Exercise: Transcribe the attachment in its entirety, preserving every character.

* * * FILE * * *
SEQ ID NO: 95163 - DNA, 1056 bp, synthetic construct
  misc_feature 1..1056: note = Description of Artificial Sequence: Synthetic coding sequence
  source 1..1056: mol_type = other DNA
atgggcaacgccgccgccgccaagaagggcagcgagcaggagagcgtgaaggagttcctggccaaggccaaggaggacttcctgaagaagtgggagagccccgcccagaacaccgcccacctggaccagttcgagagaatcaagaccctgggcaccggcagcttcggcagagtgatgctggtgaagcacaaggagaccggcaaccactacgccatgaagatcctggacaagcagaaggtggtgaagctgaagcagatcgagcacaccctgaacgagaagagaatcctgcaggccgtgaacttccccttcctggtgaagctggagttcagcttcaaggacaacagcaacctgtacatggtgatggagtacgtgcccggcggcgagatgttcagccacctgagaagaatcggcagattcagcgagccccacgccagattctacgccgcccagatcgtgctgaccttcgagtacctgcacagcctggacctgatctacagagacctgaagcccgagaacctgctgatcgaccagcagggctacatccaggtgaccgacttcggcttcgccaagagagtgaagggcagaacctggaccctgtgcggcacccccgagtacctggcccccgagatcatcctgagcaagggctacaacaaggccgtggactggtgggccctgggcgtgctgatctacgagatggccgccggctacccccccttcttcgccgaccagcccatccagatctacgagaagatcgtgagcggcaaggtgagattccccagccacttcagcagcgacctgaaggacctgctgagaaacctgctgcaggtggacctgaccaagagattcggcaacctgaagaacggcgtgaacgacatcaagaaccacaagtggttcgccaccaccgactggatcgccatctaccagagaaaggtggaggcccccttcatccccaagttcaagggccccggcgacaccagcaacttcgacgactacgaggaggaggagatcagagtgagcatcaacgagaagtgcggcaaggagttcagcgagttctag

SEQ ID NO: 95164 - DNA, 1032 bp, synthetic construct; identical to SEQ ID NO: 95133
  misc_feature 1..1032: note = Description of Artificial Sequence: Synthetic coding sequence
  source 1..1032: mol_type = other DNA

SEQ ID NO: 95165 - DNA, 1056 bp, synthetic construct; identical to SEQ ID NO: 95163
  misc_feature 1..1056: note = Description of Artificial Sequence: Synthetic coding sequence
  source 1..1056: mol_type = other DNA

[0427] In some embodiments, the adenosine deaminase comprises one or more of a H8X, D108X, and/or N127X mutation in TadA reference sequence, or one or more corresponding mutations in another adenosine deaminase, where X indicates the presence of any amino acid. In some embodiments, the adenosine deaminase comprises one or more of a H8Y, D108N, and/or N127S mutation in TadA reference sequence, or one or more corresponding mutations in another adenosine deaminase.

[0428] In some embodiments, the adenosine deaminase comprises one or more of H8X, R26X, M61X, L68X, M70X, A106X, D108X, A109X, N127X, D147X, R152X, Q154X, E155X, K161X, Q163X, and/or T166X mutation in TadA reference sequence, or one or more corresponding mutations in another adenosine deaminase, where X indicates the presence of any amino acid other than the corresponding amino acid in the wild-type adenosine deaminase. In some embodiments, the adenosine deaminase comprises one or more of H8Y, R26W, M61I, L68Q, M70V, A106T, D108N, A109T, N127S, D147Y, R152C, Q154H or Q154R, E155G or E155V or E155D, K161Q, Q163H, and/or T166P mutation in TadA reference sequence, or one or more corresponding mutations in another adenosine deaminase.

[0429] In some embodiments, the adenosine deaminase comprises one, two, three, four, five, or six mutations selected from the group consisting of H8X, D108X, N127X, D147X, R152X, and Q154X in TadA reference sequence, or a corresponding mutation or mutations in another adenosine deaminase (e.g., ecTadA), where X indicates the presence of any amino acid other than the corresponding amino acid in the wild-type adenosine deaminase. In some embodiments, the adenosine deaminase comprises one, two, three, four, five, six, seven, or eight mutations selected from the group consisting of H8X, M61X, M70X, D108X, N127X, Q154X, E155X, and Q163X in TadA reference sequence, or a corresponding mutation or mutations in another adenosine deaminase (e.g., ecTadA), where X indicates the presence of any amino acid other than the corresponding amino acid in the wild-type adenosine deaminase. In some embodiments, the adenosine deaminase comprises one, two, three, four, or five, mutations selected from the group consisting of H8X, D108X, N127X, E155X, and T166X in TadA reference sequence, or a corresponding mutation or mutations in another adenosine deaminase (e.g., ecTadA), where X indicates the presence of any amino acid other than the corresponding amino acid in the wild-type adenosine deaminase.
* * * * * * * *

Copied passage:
SEQ ID NO: 95163 - DNA, 1056 bp, synthetic construct
  misc_feature 1..1056: note = Description of Artificial Sequence: Synthetic coding sequence
  source 1..1056: mol_type = other DNA
atgggcaacgccgccgccgccaagaagggcagcgagcaggagagcgtgaaggagttcctggccaaggccaaggaggacttcctgaagaagtgggagagccccgcccagaacaccgcccacctggaccagttcgagagaatcaagaccctgggcaccggcagcttcggcagagtgatgctggtgaagcacaaggagaccggcaaccactacgccatgaagatcctggacaagcagaaggtggtgaagctgaagcagatcgagcacaccctgaacgagaagagaatcctgcaggccgtgaacttccccttcctggtgaagctggagttcagcttcaaggacaacagcaacctgtacatggtgatggagtacgtgcccggcggcgagatgttcagccacctgagaagaatcggcagattcagcgagccccacgccagattctacgccgcccagatcgtgctgaccttcgagtacctgcacagcctggacctgatctacagagacctgaagcccgagaacctgctgatcgaccagcagggctacatccaggtgaccgacttcggcttcgccaagagagtgaagggcagaacctggaccctgtgcggcacccccgagtacctggcccccgagatcatcctgagcaagggctacaacaaggccgtggactggtgggccctgggcgtgctgatctacgagatggccgccggctacccccccttcttcgccgaccagcccatccagatctacgagaagatcgtgagcggcaaggtgagattccccagccacttcagcagcgacctgaaggacctgctgagaaacctgctgcaggtggacctgaccaagagattcggcaacctgaagaacggcgtgaacgacatcaagaaccacaagtggttcgccaccaccgactggatcgccatctaccagagaaaggtggaggcccccttcatccccaagttcaagggccccggcgacaccagcaacttcgacgactacgaggaggaggagatcagagtgagcatcaacgagaagtgcggcaaggagttcagcgagttctag

SEQ ID NO: 95164 - DNA, 1032 bp, synthetic construct; identical to SEQ ID NO: 95133
  misc_feature 1..1032: note = Description of Artificial Sequence: Synthetic coding sequence
  source 1..1032: mol_type = other DNA

SEQ ID NO: 95165 - DNA, 1056 bp, synthetic construct; identical to SEQ ID NO: 95163
  misc_feature 1..1056: note = Description of Artificial Sequence: Synthetic coding sequence
  source 1..1056: mol_type = other DNA

[0427] In some embodiments, the adenosine deaminase comprises one or more of a H8X, D108X, and/or N127X mutation in TadA reference sequence, or one or more corresponding mutations in another adenosine deaminase, where X indicates the presence of any amino acid. In some embodiments, the adenosine deaminase comprises one or more of a H8Y, D108N, and/or N127S mutation in TadA reference sequence, or one or more corresponding mutations in another adenosine deaminase.

[0428] In some embodiments, the adenosine deaminase comprises one or more of H8X, R26X, M61X, L68X, M70X, A106X, D108X, A109X, N127X, D147X, R152X, Q154X, E155X, K161X, Q163X, and/or T166X mutation in TadA reference sequence, or one or more corresponding mutations in another adenosine deaminase, where X indicates the presence of any amino acid other than the corresponding amino acid in the wild-type adenosine deaminase. In some embodiments, the adenosine deaminase comprises one or more of H8Y, R26W, M61I, L68Q, M70V, A106T, D108N, A109T, N127S, D147Y, R152C, Q154H or Q154R, E155G or E155V or E155D, K161Q, Q163H, and/or T166P mutation in TadA reference sequence, or one or more corresponding mutations in another adenosine deaminase.

[0429] In some embodiments, the adenosine deaminase comprises one, two, three, four, five, or six mutations selected from the group consisting of H8X, D108X, N127X, D147X, R152X, and Q154X in TadA reference sequence, or a corresponding mutation or mutations in another adenosine deaminase (e.g., ecTadA), where X indicates the presence of any amino acid other than the corresponding amino acid in the wild-type adenosine deaminase. In some embodiments, the adenosine deaminase comprises one, two, three, four, five, six, seven, or eight mutations selected from the group consisting of H8X, M61X, M70X, D108X, N127X, Q154X, E155X, and Q163X in TadA reference sequence, or a corresponding mutation or mutations in another adenosine deaminase (e.g., ecTadA), where X indicates the presence of any amino acid other than the corresponding amino acid in the wild-type adenosine deaminase. In some embodiments, the adenosine deaminase comprises one, two, three, four, or five, mutations selected from the group consisting of H8X, D108X, N127X, E155X, and T166X in TadA reference sequence, or a corresponding mutation or mutations in another adenosine deaminase (e.g., ecTadA), where X indicates the presence of any amino acid other than the corresponding amino acid in the wild-type adenosine deaminase.